Prediction: Group Stages

Raf: They’re looking strong in the spin department with both up-and-coming Academy star Sophie Ecclestone (who had a pretty decent tour of Sri Lanka), as well as their new signing Hayley Matthews; but I still think they might struggle to make Finals Day.

Prediction: Group Stages

Southern Vipers

Syd: They’ve got Lottie… they’ve got Suzie Bates… and yet somehow I’m still not quite convinced. I’m super-pleased for ex Academy glove-butler Carla Rudd and Berkshire fast bowler Daisy Gardner though – they totally deserve their opportunity in Super League and I’ll be rooting for them… when they aren’t up against the Storm!

Prediction: Semis

Raf: I wouldn’t bet against (or want to bowl against!) any side that has Arran Brindle in its middle order; and it seems a distinct advantage that coach Nick Denning and Berkshire players Daisy Gardner, Lissy Macleod, Fi Morris and Carla Rudd will all be used to working together. And that’s without mentioning the little matter of Edwards and Bates opening the batting!

Prediction: Final

Kia Super League Squads – Facts & Figures

Age Old Questions

  • The average age of a KSL player is 24.
  • Lancashire Thunder have both the oldest (Laura Newton, 38) and youngest (Sophie Ecclestone, 16) players.
  • Southern Vipers are the oldest team (average age 25).
  • Lancashire Thunder are the youngest team (average age 23).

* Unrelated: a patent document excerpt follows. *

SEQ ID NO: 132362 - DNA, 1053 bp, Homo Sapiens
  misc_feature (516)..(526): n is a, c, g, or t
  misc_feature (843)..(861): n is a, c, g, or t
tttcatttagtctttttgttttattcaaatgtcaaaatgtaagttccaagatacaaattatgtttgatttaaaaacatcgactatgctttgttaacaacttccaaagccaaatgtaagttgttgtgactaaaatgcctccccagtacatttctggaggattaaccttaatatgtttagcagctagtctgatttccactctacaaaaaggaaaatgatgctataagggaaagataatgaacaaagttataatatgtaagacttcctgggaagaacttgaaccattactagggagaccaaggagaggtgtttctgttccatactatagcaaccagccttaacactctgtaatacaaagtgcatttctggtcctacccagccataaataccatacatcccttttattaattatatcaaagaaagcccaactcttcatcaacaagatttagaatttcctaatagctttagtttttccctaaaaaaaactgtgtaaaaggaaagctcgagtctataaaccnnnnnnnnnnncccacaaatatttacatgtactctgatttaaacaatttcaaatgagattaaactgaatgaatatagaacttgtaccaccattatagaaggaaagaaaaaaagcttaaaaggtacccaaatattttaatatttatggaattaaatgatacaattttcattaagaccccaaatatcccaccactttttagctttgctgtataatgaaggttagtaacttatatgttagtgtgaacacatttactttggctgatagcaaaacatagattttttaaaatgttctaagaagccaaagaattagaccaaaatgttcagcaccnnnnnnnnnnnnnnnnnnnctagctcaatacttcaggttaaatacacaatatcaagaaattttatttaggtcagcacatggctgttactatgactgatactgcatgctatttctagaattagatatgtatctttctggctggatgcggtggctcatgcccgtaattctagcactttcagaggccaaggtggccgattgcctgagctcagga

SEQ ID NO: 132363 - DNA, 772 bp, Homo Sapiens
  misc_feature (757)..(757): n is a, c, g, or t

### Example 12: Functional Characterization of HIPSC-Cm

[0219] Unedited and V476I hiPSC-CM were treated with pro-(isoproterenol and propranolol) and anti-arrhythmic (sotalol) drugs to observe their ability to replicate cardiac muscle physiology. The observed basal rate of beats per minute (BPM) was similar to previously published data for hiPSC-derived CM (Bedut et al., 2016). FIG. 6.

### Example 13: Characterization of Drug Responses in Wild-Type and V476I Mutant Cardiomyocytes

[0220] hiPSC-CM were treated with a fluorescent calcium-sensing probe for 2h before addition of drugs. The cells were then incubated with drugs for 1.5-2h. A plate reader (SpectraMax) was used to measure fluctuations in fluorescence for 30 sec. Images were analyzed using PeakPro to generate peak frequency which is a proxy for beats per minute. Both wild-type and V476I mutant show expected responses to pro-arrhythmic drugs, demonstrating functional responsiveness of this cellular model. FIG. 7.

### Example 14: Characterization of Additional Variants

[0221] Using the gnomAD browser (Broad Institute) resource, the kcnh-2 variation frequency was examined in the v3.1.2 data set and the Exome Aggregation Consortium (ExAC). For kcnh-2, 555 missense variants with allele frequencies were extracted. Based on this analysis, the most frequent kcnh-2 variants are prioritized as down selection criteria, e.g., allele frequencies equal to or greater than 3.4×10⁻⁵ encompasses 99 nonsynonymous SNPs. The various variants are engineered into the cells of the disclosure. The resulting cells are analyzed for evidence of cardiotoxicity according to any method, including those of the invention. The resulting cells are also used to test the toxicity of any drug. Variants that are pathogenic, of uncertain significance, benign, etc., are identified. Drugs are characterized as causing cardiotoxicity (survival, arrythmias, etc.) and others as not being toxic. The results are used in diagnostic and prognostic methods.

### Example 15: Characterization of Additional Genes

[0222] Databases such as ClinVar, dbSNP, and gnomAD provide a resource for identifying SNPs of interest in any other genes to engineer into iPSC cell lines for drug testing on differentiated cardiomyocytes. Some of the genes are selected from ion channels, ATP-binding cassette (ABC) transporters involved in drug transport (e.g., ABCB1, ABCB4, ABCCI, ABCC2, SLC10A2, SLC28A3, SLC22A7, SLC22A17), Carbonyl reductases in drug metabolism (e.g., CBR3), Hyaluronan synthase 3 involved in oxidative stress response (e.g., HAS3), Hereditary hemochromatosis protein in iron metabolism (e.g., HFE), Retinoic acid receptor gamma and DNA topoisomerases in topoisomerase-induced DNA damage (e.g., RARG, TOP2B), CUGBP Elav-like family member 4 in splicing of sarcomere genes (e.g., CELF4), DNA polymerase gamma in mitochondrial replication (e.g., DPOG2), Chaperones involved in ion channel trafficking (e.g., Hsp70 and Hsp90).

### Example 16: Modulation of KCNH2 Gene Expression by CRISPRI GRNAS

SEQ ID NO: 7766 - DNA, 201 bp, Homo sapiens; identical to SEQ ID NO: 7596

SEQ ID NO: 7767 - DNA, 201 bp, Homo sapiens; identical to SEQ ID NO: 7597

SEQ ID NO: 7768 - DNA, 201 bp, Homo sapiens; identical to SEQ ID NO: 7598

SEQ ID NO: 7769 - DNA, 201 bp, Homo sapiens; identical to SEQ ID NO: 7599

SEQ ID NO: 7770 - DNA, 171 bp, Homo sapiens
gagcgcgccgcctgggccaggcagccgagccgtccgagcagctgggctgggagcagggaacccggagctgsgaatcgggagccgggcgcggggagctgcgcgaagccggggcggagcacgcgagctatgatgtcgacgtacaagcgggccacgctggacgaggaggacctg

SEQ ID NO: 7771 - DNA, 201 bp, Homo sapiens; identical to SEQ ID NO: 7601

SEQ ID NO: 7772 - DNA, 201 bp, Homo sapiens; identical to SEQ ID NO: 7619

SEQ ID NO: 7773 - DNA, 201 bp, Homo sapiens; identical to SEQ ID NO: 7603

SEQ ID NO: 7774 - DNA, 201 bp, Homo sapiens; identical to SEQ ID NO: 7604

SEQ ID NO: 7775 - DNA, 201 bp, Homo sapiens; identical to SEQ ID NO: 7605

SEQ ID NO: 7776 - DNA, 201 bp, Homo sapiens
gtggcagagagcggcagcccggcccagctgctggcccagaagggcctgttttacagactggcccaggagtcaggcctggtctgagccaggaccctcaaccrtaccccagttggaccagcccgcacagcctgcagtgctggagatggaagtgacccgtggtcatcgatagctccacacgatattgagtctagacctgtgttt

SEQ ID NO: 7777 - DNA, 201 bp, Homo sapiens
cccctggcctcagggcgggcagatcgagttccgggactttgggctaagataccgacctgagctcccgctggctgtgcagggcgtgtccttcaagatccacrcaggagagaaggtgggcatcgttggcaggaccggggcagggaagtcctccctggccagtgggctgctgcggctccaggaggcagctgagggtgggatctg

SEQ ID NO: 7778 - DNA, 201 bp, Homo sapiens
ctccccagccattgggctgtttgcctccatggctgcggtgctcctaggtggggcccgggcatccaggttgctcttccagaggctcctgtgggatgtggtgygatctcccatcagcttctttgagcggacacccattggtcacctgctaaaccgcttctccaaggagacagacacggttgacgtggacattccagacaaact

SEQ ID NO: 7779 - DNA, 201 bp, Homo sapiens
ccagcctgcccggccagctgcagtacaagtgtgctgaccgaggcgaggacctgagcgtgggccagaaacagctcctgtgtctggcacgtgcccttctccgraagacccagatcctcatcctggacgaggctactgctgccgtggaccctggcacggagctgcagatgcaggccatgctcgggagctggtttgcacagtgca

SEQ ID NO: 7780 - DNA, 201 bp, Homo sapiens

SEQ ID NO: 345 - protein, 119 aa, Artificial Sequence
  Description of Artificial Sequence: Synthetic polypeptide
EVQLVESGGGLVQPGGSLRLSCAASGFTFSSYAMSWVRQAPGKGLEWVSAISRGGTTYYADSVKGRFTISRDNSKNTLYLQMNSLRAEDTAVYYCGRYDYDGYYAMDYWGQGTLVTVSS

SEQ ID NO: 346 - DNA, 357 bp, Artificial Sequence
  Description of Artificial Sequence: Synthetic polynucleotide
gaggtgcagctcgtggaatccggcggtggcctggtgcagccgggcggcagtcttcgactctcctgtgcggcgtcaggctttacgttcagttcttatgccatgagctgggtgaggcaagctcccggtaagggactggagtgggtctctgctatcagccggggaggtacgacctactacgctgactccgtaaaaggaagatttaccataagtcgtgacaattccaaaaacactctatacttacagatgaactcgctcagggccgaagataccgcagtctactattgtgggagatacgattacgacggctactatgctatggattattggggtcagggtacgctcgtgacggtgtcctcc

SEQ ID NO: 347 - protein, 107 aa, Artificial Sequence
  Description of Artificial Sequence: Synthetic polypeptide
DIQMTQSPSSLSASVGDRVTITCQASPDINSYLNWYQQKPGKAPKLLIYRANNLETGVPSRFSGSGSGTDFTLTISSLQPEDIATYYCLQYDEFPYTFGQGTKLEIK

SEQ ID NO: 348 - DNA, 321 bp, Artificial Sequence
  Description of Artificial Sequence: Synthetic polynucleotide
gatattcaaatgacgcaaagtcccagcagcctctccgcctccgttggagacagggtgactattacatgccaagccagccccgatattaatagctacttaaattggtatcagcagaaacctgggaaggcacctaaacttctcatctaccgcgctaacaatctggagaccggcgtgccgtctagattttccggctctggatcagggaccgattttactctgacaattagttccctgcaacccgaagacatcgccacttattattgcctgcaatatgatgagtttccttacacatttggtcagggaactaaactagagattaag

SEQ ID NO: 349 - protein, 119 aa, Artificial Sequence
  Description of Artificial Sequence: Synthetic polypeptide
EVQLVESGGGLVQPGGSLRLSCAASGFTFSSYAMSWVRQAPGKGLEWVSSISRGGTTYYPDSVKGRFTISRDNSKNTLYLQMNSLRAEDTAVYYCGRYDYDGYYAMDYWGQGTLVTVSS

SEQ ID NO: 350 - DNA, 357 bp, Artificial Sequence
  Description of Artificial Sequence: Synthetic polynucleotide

Counting The Counties

  • Sussex, Yorkshire, Kent and Lancashire have the most KSL players – 8 each.
  • Of the D1 counties, Staffordshire have the fewest players – just 2 – Eve Jones and Steph Butler.
  • Aside from the overseas players, three players didn’t play county or other top-level cricket in 2015 – Laura Newton, Arran Brindle and Rosalie Fairbairn (née Birch) – in the latter two cases, due to maternity.

Role Play

Based on the player’s primary role for the current county or country, there are:

  • 35 bowlers.
  • 25 all-rounders.
  • 22 batsmen.
  • 8 wicket keepers.

NEWS: Full Kia Super League Squads

Lancashire Thunder

  1. Kate Cross (EW)
  2. Sarah Taylor (EW) (Capt)
  3. Danielle Wyatt (EW)
  4. Sarah Coyte (O)
  5. Deandra Dottin (O)
  6. Hayley Matthews (O)
  7. Sophie Ecclestone (EWA)
  8. Emma Lamb (EWA)
  9. Ellie Threlkeld (EWA)
  10. Natalie Brown
  11. Georgia Holmes
  12. Laura Marshall
  13. Natasha Miles
  14. Laura Newton
  15. Nalisha Patel

Loughborough Lightning

  1. Georgia Elwiss (EW) (Capt)
  2. Rebecca Grundy (EW)
  3. Amy Jones (EW)
  4. Beth Langston (EW)